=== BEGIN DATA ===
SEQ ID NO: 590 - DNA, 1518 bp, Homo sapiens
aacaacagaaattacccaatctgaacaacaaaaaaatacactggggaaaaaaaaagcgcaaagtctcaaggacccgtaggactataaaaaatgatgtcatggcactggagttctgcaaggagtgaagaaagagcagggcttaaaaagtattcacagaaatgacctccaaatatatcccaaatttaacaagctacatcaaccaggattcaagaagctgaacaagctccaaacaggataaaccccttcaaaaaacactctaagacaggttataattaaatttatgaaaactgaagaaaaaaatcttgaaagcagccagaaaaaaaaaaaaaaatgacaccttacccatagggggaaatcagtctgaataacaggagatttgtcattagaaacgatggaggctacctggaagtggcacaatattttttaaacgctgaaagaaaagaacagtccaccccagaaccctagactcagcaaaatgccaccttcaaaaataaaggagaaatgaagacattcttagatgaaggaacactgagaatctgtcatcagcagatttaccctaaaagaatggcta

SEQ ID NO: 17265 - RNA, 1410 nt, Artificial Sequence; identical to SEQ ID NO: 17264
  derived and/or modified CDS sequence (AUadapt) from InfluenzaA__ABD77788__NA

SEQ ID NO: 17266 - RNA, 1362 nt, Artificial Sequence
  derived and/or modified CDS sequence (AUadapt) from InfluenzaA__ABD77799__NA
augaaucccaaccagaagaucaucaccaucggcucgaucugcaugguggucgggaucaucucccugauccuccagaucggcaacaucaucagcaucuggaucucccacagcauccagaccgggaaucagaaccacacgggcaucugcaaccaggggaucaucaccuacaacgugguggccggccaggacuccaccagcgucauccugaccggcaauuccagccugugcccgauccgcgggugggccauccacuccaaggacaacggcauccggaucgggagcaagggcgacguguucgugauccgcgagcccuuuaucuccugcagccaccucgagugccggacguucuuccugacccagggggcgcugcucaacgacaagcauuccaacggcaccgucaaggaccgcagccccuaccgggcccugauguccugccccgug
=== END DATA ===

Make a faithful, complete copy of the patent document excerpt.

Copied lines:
SEQ ID NO: 590 - DNA, 1518 bp, Homo sapiens
aacaacagaaattacccaatctgaacaacaaaaaaatacactggggaaaaaaaaagcgcaaagtctcaaggacccgtaggactataaaaaatgatgtcatggcactggagttctgcaaggagtgaagaaagagcagggcttaaaaagtattcacagaaatgacctccaaatatatcccaaatttaacaagctacatcaaccaggattcaagaagctgaacaagctccaaacaggataaaccccttcaaaaaacactctaagacaggttataattaaatttatgaaaactgaagaaaaaaatcttgaaagcagccagaaaaaaaaaaaaaaatgacaccttacccatagggggaaatcagtctgaataacaggagatttgtcattagaaacgatggaggctacctggaagtggcacaatattttttaaacgctgaaagaaaagaacagtccaccccagaaccctagactcagcaaaatgccaccttcaaaaataaaggagaaatgaagacattcttagatgaaggaacactgagaatctgtcatcagcagatttaccctaaaagaatggcta

SEQ ID NO: 17265 - RNA, 1410 nt, Artificial Sequence; identical to SEQ ID NO: 17264
  derived and/or modified CDS sequence (AUadapt) from InfluenzaA__ABD77788__NA

SEQ ID NO: 17266 - RNA, 1362 nt, Artificial Sequence
  derived and/or modified CDS sequence (AUadapt) from InfluenzaA__ABD77799__NA
augaaucccaaccagaagaucaucaccaucggcucgaucugcaugguggucgggaucaucucccugauccuccagaucggcaacaucaucagcaucuggaucucccacagcauccagaccgggaaucagaaccacacgggcaucugcaaccaggggaucaucaccuacaacgugguggccggccaggacuccaccagcgucauccugaccggcaauuccagccugugcccgauccgcgggugggccauccacuccaaggacaacggcauccggaucgggagcaagggcgacguguucgugauccgcgagcccuuuaucuccugcagccaccucgagugccggacguucuuccugacccagggggcgcugcucaacgacaagcauuccaacggcaccgucaaggaccgcagccccuaccgggcccugauguccugccccgug